Moisture wicking clothes have had a huge impact on the world of athletics. From weekend warriors to professionals, athletes across the spectrum are now enjoying more comfortable workouts and optimized performance thanks to this new material. However, you may have noticed that it’s tricky to keep these pieces clean and smelling fresh. If odors tend to stick around after washing, never fear. All you need is the right washing technique and detergent.
Here’s how to wash moisture wicking clothes the right way. If you follow these instructions, you’ll banish funky odors, keep your pieces fresh, and even help them to last longer!
Are you fed up with lingering body odor on your moisture wicking clothes? (You just washed that shirt, so why does it still STINK?) Here are the basic steps you need to handle this issue, along with some deeper explanation below:
That’s it. With the right detergent and these basic steps, your clothes will be smelling fresh and ready for your next workout the moment you remove them from the dryer.
Moisture wicking garments are usually made with synthetic materials that have been designed (as the name suggests) to draw sweat and moisture away from your body without absorbing it. Compare this to traditional cotton garments, which absorb your sweat and become soaked and heavy, leading to rubbing and chafing.
Common materials used in moisture wicking clothing are polyester, lycra, nylon, spandex, and others. These synthetic materials are “hydrophobic,” meaning that they don’t absorb water the way cotton does. Your body heat pushes sweat along the synthetic fiber away from the skin. That’s what’s meant by “moisture wicking.” Because liquids are not absorbed by synthetic fibers, they spread out over the surface of the threads in a thin layer and evaporate quickly. This is what makes moisture wicking clothes breathable, helping to keep you drier during your workouts.
However, there’s a problem when it comes to keeping these synthetic materials clean and smelling fresh: While the moisture from your sweat evaporates quickly, it leaves behind a residue of everything that couldn’t evaporate into the air—mainly salts and oils from your skin. It’s those oils that are the source of the sweaty odor. The “hydrophobic” property of the fibers doesn’t just mean they repel water, they also attract and lightly bond to oils. Without the right detergent to break those bonds, oils can be difficult to remove from synthetics, leading to lingering odor even after washing.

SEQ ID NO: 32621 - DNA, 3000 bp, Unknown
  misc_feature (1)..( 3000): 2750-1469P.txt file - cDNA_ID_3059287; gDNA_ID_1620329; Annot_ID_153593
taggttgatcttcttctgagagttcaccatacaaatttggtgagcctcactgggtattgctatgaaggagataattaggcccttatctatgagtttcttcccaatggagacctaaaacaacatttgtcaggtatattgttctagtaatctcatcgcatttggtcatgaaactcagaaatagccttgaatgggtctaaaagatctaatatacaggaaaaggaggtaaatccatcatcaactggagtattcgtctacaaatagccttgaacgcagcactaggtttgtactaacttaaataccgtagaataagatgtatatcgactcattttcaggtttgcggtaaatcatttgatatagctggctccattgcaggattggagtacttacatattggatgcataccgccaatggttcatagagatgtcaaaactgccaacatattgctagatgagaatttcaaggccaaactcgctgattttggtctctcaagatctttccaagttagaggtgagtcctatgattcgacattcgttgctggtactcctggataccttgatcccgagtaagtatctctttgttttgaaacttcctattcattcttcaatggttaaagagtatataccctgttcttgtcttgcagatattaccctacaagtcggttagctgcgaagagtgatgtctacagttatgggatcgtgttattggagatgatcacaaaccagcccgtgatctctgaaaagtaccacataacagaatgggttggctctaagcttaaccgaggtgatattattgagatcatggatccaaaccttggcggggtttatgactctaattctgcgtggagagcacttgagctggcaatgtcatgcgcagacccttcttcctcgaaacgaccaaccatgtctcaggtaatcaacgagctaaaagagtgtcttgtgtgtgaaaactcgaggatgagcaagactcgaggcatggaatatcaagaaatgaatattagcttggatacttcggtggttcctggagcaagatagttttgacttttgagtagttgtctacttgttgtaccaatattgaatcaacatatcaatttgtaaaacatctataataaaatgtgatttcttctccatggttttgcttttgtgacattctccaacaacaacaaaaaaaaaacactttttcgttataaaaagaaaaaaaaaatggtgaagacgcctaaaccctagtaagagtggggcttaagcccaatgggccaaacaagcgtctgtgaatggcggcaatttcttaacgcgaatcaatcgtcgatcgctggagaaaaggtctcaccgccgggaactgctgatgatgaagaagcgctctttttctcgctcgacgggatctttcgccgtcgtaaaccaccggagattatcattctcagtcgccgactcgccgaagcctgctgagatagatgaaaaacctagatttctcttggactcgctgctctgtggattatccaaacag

No one is surprised when their clothes stink after a hard workout. It’s only natural. You have poured a lot of sweat into your clothes, and that sweat doesn’t exactly smell like perfume. So, you wash the clothes, take a shower, and it’s all good, right?
Not so fast. The shower should take care of your personal body odor, but those same odors can linger in your workout clothes—even after they’ve been through the wash. What’s that about?
You’ve probably heard the phrase “oil and water don’t mix,” right? Well, this chemistry principle applies to clothing, too: Materials that repel water attract oils, and vice versa. Therefore, while your moisture wicking clothes do a great job of getting rid of water, they actually hold on to oils tightly. Bacteria love to feed on these oils, and those bacteria emit gasses that stink. Thus, it’s the “bacteria farts” that make your workout clothes smell before—and oftentimes after—washing. Cotton, on the other hand, hangs on to the water tightly, so oils are removed easily, which leaves bacteria with nothing to eat. That’s why cotton clothing usually doesn’t have the same lingering smell and why regular detergents do a fine job of removing odor from cotton. To get your synthetic clothes smelling clean, you need to get rid of the bacteria. And to get rid of the bacteria, you need to get rid of the oils.
Many people are surprised to learn that their regular detergent isn’t able to wipe out the oils from moisture wicking clothing and other activewear. That’s because most regular detergents are made to treat what has traditionally been the most common material in clothing: cotton.
As we mentioned before, cotton and the synthetics found in moisture wicking clothes are essentially opposites when it comes to how they handle moisture. Therefore, it should make sense that they need to be washed differently, too. A sports detergent like WIN Detergent has special ingredients to break the bond between oils and synthetic fibers, so you can rid your workout clothes of that pesky odor in no time.
So now your clothes don’t stink, but there’s another benefit to washing them properly and with the right detergent. They’ll last longer. Here’s why:
If you frequently wear moisture wicking clothes, you need to make sure you have the right detergent on hand. WIN Detergent has been specifically developed to clean these kinds of garments. We can tell you all about how it works, but the best thing to do is try it for yourself! Order a bottle of WIN today, and see what you’ve been missing.